HOUSTON (CN) – Houston takes bribes from 16 strip clubs to let their employees do topless lap dances, a competing club owner claims in a federal antitrust lawsuit.
Houston KP LLC, the owner of Scores Houston Gentlemen’s Club, sued the City of Houston on Wednesday.
Houston KP calls itself HKP in the complaint.
It claims that in November 2013 Houston settled numerous lawsuits arising from the city’s regulation of sexually oriented businesses.
The agreement, which took effect Jan. 1, involves 16 clubs that pay annual fees into a “Human Trafficking Abatement Fund,” HKP says in the lawsuit.
In return, the city grants the clubs “immunity” from its strip club regulations, HKP claims.
Houston passed an ordinance in 1997 that prohibits a sexually oriented business within 1,500 feet of a school, church, park or daycare; requires business owners to get a permit; makes it illegal for an entertainer to touch or come closer than 3 feet to a customer; and levies a $5 per customer tax on strip clubs.
HKP claims the settlement gives the 16 clubs an unfair advantage.
“Under the Agreement, they are free to offer topless lap dances in their clubs without adhering to the ‘no touch’ and ‘three foot’ rules, and without paying the $5 per customer tax, as otherwise required by city law,” the complaint states.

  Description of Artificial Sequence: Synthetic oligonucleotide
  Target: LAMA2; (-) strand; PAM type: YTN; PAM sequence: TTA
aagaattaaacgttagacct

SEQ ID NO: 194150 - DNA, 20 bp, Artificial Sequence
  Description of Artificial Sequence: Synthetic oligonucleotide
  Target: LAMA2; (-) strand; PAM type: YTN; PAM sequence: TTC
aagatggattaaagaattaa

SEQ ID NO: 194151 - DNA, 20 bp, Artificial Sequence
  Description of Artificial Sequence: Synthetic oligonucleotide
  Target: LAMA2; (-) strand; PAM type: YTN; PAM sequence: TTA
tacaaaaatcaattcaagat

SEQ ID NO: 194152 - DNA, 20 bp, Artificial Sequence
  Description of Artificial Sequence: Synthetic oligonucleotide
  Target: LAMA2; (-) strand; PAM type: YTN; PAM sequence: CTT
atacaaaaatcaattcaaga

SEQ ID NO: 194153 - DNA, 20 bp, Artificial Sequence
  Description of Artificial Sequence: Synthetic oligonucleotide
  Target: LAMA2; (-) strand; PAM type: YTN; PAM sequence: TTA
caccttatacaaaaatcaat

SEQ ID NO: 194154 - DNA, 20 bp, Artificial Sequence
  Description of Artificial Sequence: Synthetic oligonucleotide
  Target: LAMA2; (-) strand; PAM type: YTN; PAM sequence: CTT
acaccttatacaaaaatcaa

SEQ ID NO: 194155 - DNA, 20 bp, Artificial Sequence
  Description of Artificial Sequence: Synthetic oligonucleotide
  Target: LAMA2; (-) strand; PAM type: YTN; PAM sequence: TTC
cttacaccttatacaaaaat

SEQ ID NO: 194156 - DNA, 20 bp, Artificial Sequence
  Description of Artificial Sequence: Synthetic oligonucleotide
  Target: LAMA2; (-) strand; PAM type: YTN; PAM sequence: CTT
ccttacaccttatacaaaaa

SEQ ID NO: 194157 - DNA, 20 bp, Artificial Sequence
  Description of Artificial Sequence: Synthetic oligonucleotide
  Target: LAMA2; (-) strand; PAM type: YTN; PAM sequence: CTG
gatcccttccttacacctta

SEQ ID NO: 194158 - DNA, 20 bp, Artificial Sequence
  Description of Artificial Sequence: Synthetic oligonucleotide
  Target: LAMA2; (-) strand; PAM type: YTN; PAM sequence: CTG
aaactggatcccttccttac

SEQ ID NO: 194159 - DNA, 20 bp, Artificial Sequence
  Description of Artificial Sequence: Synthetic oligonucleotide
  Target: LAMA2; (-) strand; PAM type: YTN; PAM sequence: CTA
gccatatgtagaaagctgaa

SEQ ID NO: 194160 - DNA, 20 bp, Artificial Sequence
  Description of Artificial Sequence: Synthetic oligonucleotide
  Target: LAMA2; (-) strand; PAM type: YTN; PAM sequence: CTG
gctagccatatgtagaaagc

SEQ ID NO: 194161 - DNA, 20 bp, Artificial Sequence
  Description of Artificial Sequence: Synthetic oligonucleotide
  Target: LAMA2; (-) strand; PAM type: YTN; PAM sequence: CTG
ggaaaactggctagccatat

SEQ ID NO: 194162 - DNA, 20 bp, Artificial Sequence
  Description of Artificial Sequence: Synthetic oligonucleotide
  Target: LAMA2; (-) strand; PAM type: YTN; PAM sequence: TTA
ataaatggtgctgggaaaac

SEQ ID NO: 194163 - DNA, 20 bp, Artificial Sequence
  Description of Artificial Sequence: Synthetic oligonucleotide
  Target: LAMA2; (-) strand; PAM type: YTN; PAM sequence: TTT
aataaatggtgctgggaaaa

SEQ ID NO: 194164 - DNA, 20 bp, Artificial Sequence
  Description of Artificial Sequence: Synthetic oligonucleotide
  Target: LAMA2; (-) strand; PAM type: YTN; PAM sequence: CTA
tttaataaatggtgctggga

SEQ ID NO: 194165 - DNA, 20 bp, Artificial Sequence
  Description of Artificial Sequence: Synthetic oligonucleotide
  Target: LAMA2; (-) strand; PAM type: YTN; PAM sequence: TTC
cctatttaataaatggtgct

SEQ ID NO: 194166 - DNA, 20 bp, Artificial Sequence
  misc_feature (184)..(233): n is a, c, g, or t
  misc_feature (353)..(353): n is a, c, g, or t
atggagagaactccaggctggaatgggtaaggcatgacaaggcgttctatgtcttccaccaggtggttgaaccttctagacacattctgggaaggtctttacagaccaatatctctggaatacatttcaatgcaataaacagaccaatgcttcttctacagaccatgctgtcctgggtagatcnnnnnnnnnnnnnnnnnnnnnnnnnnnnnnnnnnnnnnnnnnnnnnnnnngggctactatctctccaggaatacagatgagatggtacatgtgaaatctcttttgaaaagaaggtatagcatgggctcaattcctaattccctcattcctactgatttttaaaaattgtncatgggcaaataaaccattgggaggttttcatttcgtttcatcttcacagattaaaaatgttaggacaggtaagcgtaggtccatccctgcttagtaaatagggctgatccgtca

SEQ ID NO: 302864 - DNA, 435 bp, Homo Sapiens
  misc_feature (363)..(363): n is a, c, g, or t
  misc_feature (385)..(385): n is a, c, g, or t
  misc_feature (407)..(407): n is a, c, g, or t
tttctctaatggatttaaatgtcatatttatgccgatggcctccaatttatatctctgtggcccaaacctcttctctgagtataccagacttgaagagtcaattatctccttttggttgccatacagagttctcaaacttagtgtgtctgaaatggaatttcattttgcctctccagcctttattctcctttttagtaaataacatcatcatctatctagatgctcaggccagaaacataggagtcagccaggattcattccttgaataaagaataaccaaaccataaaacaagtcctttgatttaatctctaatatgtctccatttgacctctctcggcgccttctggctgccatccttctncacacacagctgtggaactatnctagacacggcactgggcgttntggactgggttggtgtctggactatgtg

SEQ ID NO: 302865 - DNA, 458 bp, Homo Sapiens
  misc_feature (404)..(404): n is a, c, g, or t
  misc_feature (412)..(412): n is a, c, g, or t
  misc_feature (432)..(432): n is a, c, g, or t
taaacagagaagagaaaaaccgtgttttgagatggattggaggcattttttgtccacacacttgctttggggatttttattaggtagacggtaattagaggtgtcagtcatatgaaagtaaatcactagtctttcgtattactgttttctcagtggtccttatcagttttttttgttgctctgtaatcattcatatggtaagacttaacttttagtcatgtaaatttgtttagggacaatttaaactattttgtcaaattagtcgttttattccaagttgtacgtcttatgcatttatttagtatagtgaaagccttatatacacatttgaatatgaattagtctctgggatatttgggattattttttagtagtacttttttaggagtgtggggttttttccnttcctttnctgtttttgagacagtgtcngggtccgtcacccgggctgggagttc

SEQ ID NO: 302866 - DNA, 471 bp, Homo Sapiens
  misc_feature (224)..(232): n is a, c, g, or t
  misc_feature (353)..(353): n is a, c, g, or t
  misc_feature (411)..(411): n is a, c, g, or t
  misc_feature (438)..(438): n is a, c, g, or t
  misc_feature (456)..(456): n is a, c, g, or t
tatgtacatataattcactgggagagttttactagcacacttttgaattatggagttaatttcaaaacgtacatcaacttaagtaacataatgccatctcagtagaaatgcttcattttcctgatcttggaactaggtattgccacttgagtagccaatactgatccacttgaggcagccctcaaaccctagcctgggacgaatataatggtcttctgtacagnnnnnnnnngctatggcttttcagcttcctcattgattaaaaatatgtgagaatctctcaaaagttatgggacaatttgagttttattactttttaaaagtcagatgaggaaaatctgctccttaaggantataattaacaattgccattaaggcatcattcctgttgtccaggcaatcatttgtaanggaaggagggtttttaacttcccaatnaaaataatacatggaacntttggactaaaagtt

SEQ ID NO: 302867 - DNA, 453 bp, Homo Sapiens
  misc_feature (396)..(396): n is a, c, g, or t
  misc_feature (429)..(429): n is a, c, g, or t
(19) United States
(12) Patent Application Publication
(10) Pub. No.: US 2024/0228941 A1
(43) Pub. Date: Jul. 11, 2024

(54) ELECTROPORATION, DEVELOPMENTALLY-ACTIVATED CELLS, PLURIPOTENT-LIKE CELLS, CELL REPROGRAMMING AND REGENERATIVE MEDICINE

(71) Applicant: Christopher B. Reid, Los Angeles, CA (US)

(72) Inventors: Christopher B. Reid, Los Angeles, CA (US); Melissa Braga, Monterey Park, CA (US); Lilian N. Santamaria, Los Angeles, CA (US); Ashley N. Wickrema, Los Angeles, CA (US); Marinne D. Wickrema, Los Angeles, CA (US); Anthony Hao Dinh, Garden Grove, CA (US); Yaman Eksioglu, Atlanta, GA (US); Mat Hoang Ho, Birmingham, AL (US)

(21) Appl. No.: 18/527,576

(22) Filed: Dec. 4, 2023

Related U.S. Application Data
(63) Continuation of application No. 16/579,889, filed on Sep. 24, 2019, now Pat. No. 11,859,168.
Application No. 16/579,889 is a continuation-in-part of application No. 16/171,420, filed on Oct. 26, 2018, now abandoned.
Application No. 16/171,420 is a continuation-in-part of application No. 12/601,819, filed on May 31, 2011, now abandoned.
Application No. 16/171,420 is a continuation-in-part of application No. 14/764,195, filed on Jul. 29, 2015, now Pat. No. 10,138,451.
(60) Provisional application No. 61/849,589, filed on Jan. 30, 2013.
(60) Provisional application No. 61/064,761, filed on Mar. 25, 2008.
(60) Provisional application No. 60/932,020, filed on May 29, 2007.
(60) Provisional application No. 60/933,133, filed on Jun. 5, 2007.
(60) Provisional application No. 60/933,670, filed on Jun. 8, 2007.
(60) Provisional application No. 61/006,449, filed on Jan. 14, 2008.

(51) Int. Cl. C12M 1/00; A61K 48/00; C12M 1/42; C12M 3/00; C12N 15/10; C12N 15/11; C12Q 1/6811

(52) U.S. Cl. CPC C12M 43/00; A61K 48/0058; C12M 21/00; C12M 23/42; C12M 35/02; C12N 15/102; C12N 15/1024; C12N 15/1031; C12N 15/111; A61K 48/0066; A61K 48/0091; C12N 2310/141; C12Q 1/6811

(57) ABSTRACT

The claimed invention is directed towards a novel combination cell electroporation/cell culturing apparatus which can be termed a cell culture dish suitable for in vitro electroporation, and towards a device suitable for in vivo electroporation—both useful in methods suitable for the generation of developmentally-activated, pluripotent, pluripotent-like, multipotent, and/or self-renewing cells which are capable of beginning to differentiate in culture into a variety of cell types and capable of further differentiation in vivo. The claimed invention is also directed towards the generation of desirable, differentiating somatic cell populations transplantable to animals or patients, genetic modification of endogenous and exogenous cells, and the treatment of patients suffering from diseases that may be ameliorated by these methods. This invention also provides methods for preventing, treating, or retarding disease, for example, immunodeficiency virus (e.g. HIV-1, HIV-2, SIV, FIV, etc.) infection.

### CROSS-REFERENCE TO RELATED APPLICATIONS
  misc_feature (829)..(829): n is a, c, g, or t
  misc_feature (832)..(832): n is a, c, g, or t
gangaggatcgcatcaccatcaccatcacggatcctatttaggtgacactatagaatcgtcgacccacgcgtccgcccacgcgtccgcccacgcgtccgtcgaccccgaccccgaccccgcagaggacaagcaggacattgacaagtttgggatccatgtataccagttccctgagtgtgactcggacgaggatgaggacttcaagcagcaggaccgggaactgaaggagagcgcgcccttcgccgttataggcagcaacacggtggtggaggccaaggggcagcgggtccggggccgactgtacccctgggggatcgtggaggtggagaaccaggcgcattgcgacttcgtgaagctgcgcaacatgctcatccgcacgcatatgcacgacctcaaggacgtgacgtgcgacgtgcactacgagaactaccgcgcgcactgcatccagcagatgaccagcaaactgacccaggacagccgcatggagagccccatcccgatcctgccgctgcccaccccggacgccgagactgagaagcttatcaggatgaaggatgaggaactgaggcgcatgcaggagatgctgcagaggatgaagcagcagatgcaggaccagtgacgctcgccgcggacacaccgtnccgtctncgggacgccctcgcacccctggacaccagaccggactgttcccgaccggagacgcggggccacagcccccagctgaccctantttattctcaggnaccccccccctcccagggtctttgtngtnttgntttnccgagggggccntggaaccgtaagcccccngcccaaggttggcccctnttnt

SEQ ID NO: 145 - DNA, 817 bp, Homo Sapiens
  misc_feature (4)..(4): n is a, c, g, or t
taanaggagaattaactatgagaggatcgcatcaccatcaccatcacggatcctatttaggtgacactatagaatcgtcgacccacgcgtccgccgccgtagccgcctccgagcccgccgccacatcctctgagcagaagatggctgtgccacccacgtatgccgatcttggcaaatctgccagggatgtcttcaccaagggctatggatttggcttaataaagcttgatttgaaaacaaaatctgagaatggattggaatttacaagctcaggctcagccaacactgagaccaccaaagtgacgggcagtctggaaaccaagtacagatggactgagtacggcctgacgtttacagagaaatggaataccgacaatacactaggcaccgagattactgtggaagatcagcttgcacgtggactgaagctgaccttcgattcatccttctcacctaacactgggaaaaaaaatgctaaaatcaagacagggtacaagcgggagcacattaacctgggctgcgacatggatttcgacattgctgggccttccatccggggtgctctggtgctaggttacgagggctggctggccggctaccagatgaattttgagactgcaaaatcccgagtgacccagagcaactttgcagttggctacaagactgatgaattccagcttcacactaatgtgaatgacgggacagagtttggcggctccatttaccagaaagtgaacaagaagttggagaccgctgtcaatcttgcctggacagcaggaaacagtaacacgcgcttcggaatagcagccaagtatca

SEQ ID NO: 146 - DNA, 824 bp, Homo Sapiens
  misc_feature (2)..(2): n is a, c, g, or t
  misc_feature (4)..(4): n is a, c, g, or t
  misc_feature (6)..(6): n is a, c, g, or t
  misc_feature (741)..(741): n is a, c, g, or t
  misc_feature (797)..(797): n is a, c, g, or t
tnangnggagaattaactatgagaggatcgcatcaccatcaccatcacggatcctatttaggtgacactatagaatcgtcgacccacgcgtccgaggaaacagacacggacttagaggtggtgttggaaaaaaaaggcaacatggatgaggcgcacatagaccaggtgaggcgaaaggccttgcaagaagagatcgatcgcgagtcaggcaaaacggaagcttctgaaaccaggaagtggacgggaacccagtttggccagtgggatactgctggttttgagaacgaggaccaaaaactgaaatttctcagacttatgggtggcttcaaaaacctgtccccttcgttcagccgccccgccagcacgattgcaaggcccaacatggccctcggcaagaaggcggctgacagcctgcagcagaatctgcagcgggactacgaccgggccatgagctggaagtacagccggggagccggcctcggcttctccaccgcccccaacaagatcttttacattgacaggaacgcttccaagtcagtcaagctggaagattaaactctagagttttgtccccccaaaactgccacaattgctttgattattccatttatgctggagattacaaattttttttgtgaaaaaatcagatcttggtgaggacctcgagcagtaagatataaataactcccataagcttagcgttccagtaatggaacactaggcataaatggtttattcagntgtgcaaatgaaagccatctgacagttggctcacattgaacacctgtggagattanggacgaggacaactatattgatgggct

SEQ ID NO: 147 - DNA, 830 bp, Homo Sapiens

“Because HKP must abide by city law, HKP cannot compete for customers in the same manner as the Clubs, which has caused – and will continue to cause – HKP to lose business and, ultimately, fail, further causing the loss of a substantial seven-figure investment HKP spent to rehabilitate the site on which its club is located.”
Since the deal took effect, HKP says, its club revenue has fallen by $1,500 a day and it’s in danger of going out of business.
HKP seeks treble damages of more than $1 million for antitrust and civil rights violations.
It also wants an injunction to stop Houston from enforcing the settlement and a declaration that the agreement “constitutes an illegal bribery scheme.”
HKP is represented by Jeremy Gaston with Hawash Meade Gaston Neese & Cicack.
Houston’s public relations director, Janice Evans, was not immediately available for comment.
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